July 6, 2005: RCMP Pursuit Of “Equity Employment For Visible Minorities' ” Policies Has Become A Truly Public National Embarrassment
So-called “equity employment for visible minorities” policies have long been a cause of concealed, institutionalized discrimination against mainstream Canadians, but now they have become a truly public national embarrassment, says Immigration Watch Canada.
According to an editorial in The National Post, Canada's national police force, “the RCMP, complained this week that it had too few qualified recruits last year to replace the number of officers who retired. Applications were off by 28% and only 232 new officers joined, rather than the 300 hoped for.
“If too few well-qualified applicants are seeking admission to the RCMP's academy in Regina, it is likely because the Mounties have done all they could in the last decade to scare off young white males. While brass deny it, for a time in the mid-1990's, the RCMP had a 'no white males' policy. Some recruiters admitted to applicants that the force had a five-year backlog of Caucasian men and wouldn't consider any more until it reached its gender and racial hiring goals.
“Just to get an interview, white males needed a score of 115 on the police aptitude test, women needed a 96 and visible minority candidates an 86. Such quotas are said to permeate promotions too.”
Immigration Watch Canada makes the following points about the RCMP case:
(1) Since “equity employment for visible minorities' ” policies began in the mid-1980's, they have forced or brought pressure upon thousands of employers across Canada to give hiring preference to so-called visible minorities, 84% of whom are recent immigrants. In effect, it has legislated discrimination against non-visible minority Canadians. It has also bred a sense of entitlement in these recent immigrants. Shortly after arrival, many have come to believe they are owed an instantaneous share of Canada's resources. (Equity employment policies exist for women, aboriginals, the disabled and visible minorities. The first three are separate issues.)
(2) The recent complaints of RCMP recruiters that they have a shortage of potential workers (recruits) are simply not true. The workers the RCMP needs are here in Canada and thousands of them have applied to join the RCMP. RCMP recruiters suffer from “equity employment for visible minorities” pressure. Many other Canadian employers suffer from the same ailment.
(3) The number of visible minorities hired by the RCMP and other Canadian employers as a result of so-called “equity employment for visible minorities” measures has never been revealed to Canadians. However, because of the long and widespread practice of such “equity employment” hiring, there is little doubt that the number is very high and probably out of proportion. In effect, “equity employment for visible minorities” has destroyed or seriously dampened the career aspirations of many mainstream Canadians. (We include below a recent letter from a B.C. mother whose well-qualified son's application to the RCMP was denied because he was a non-visible minority Canadian. In other words, he was a white male.)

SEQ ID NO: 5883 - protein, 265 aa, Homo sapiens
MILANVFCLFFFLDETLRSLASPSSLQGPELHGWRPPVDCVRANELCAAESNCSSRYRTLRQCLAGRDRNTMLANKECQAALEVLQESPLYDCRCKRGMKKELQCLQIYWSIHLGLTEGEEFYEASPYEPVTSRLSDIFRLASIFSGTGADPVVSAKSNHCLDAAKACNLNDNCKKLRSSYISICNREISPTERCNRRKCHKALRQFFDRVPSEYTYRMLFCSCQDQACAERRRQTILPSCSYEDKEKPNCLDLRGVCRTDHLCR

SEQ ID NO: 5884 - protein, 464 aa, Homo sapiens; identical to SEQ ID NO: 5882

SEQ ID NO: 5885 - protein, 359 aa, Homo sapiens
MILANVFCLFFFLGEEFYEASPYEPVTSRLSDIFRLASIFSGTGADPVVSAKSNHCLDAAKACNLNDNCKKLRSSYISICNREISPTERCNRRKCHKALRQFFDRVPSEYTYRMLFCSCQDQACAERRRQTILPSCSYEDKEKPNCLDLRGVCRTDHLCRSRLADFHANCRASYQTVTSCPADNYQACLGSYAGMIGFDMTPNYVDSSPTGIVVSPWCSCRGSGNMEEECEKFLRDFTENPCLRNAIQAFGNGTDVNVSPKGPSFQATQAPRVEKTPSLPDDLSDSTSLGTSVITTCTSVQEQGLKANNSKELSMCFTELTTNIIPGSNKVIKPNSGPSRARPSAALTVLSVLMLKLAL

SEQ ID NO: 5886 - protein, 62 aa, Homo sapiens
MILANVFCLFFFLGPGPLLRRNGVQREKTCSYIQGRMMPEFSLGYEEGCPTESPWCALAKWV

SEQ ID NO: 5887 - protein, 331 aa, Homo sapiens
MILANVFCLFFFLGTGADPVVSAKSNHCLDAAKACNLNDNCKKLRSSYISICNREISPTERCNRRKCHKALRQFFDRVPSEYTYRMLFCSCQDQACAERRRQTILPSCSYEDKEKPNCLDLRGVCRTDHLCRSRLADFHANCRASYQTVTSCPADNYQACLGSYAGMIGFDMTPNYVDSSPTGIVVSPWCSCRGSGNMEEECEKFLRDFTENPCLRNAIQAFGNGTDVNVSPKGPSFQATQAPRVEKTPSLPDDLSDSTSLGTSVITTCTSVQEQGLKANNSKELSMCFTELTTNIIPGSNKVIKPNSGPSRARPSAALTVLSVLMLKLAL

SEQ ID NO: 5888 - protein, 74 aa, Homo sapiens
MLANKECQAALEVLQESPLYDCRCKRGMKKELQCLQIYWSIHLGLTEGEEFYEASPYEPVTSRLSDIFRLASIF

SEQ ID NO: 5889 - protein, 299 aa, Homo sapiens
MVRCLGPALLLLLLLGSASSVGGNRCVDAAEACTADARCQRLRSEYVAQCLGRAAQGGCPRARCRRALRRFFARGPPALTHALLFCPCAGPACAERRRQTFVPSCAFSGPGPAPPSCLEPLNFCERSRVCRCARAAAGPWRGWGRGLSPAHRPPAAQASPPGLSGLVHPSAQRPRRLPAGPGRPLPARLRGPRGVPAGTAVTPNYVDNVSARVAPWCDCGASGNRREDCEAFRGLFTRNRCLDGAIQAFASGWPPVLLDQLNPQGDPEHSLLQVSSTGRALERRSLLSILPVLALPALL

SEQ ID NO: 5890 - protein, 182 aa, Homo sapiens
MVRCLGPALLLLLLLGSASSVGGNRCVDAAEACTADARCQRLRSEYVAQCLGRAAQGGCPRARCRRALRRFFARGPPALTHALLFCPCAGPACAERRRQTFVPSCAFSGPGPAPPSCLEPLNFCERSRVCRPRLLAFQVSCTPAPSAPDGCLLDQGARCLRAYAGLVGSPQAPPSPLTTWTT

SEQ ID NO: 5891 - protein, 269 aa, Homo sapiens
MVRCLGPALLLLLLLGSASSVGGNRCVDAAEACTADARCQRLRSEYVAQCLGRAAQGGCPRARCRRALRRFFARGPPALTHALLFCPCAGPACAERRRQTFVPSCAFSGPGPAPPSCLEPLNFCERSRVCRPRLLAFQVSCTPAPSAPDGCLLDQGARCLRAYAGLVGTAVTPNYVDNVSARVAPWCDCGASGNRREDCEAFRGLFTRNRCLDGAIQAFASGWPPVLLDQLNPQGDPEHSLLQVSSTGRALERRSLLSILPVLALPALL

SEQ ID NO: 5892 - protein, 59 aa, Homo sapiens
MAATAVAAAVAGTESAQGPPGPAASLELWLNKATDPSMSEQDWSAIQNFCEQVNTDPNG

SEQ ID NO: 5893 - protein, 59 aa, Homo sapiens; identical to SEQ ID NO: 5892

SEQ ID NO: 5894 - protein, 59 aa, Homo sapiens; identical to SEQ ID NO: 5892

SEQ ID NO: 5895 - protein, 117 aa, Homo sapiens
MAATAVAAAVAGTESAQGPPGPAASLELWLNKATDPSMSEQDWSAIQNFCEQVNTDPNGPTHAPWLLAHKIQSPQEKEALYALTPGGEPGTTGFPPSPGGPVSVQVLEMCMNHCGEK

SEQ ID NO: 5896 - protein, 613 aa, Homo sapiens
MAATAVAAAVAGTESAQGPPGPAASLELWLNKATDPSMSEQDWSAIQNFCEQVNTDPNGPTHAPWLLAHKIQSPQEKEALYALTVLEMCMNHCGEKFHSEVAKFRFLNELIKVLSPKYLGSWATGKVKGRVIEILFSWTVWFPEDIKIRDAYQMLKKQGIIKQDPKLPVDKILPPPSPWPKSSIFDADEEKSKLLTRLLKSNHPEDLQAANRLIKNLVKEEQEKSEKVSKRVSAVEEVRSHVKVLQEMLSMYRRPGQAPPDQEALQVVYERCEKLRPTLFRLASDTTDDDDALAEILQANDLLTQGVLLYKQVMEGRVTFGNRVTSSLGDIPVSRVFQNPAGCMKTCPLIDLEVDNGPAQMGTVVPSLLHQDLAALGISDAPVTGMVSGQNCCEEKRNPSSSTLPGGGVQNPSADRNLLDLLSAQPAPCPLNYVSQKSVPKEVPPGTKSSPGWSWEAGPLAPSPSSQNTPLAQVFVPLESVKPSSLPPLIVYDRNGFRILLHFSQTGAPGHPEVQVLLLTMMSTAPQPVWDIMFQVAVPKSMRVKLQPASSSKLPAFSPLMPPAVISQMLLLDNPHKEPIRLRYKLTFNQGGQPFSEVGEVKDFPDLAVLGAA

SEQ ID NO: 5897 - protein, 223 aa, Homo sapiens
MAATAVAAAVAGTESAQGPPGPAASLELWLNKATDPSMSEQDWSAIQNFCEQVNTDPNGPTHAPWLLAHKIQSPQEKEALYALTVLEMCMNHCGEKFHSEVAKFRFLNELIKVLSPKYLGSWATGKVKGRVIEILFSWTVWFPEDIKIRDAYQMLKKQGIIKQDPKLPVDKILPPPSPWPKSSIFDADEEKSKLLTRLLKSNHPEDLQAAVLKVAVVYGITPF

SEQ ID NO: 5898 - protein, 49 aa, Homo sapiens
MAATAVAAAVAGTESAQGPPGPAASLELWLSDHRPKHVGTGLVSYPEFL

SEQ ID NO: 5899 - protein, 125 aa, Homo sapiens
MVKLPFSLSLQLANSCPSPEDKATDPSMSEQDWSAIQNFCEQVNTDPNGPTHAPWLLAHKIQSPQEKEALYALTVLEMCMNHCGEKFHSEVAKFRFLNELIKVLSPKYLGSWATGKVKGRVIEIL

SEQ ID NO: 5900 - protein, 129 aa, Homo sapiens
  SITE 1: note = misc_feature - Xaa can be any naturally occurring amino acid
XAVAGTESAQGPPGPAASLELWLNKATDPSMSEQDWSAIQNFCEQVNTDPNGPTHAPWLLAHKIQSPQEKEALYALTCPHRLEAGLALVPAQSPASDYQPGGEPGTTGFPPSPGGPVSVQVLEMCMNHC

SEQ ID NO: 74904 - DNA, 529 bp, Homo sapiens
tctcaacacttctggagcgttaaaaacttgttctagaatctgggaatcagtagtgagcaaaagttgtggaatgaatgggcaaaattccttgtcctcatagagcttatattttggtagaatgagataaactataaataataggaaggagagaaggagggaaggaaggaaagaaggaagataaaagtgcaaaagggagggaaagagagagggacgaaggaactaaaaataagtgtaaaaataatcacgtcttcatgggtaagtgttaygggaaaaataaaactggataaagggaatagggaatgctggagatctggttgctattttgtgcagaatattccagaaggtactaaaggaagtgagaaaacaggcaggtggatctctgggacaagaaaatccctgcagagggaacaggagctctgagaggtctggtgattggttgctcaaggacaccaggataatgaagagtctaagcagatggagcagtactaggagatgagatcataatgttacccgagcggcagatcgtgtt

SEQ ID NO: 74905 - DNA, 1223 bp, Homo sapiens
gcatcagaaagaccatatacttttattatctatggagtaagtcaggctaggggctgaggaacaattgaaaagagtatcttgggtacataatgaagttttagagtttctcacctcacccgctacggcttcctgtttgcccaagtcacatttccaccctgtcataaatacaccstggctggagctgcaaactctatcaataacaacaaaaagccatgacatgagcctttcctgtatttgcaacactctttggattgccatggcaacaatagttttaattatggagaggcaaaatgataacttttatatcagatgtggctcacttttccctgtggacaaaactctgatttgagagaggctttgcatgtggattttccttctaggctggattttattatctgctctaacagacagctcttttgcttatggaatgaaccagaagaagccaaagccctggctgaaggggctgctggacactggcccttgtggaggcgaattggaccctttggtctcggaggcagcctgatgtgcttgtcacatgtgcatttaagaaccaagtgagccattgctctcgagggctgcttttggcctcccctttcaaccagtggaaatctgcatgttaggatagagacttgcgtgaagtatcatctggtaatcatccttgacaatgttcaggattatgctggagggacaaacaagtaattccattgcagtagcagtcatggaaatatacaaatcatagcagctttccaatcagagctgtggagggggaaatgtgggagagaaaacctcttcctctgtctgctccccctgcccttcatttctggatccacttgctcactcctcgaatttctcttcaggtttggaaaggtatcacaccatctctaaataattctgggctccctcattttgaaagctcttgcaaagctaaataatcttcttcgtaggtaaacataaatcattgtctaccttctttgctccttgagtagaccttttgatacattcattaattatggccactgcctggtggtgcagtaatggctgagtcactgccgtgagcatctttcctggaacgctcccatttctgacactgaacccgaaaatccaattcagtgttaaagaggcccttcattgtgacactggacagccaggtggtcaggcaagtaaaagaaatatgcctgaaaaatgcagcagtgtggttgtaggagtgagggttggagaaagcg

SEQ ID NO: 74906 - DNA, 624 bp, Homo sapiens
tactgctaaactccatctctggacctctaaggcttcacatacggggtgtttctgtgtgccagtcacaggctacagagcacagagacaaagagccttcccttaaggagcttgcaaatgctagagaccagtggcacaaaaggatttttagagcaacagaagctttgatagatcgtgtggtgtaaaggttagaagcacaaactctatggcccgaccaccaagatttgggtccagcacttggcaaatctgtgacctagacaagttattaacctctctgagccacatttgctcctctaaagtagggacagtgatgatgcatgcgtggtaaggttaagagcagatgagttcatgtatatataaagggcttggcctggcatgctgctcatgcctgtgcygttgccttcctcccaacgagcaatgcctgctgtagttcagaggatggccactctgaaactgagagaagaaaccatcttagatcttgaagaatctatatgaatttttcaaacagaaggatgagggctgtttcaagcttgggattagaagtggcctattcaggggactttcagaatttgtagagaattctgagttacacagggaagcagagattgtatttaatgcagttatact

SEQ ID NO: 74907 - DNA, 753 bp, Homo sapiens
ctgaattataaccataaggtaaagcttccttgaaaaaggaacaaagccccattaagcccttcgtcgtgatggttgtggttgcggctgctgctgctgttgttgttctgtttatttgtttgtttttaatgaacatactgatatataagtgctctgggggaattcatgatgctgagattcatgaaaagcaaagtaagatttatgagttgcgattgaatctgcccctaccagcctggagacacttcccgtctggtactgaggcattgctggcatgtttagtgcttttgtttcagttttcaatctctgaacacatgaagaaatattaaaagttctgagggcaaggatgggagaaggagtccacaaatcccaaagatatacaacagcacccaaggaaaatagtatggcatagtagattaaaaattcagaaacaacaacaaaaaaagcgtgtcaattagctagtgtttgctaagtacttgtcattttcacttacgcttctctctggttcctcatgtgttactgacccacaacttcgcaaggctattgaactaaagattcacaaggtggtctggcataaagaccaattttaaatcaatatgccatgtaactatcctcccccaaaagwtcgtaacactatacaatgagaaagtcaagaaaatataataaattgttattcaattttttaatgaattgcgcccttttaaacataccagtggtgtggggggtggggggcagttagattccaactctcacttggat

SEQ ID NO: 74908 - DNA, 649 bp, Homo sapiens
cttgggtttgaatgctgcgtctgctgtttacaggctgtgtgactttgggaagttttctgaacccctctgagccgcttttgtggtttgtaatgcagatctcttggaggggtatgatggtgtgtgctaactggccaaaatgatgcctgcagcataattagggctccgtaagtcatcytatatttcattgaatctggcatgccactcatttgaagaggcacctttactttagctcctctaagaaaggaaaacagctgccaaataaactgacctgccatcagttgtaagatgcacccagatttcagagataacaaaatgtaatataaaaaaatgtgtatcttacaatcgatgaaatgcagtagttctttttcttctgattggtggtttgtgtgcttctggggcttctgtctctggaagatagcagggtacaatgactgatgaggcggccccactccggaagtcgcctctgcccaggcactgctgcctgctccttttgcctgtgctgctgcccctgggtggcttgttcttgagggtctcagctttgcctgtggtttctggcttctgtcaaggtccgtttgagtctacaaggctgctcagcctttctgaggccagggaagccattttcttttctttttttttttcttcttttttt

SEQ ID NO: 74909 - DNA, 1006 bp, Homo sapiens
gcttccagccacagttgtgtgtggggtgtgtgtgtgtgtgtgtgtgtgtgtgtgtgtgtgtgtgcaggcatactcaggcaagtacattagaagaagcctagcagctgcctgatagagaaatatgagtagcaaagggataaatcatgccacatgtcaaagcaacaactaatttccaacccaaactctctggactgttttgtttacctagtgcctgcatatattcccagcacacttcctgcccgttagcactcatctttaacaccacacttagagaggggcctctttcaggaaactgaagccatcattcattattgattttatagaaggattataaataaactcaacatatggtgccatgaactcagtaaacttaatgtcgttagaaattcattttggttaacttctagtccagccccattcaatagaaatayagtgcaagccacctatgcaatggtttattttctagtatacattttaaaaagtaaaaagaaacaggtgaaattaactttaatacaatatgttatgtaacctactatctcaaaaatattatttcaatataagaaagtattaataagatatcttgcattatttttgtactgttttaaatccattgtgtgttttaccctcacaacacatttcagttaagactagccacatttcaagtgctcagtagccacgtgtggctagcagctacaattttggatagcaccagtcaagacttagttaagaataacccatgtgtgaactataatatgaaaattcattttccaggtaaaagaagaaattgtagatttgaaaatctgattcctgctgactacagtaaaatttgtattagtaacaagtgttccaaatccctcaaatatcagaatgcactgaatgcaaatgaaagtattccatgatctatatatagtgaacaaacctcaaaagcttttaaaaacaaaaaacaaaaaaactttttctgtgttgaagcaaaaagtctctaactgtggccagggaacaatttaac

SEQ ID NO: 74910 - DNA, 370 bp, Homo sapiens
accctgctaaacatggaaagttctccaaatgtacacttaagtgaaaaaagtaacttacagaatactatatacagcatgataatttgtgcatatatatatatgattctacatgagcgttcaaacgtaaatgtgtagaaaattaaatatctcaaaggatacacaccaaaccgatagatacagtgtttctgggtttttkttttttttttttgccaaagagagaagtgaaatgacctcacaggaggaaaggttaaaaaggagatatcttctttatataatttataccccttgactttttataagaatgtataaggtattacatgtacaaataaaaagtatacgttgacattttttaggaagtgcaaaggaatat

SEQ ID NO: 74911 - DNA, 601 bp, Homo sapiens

(4) The damage done by “equity employment for visible minorities' ” policies in the RCMP and in thousands of other employer groups has been great, but a pathetically small amount of attention has been directed towards this problem. In the past, RCMP recruiters and many other employers have openly admitted to white male recruits that the RCMP and others would not hire them because they were white males. These blatant admissions in the past should have been enough to cause an investigation and end of such “equity employment” policies. Recent allegations against the RCMP should be the proverbial straw for this programme.
(5) “Equity employment for visible minorities' ” advocates have frequently played on the sympathies of Canadians by telling them that such “equity employment” helps people or that it “gives people a hand up”. What they neglect to say is that so-called “equity employment for visible minorities” is really “inequity employment for non-visible minorities” and that it hurts many mainstream Canadians and that it “gives many a hand down”.
(6) As critics have repeatedly stated, Canada is in the absurd position of bringing far more immigrants than are needed or than the economy can absorb. The result is that the economic performance of those who have arrived in the past two decades is far below that of either Canadian-born or of newcomers who came earlier. “Equity employment for visible minorities' ” advocates and government blame surplus immigrants' failures on discrimination. But the reality is that these new immigrants face both a surplus labour problem and typical immigrant difficulties such as inadequate English or French, unfamiliarity with Canadian culture, and, in the case of a few, difficulty in Canadian evaluation of their credentials.
(7) Proof that there was or is no alleged “systemic” discrimination by Canadian employers against visible minorities can be seen from the fact that many visible minorities who grew up and were educated in Canada were doing just as well as or better than non-visible minority Canadians in the mid-1980's when “equity employment for visible minorities' ” legislation was enacted. The earnings of Canadian-born of Chinese and Japanese extraction, for example, were then above the national average. The earnings of these Canadian-born continue to be so.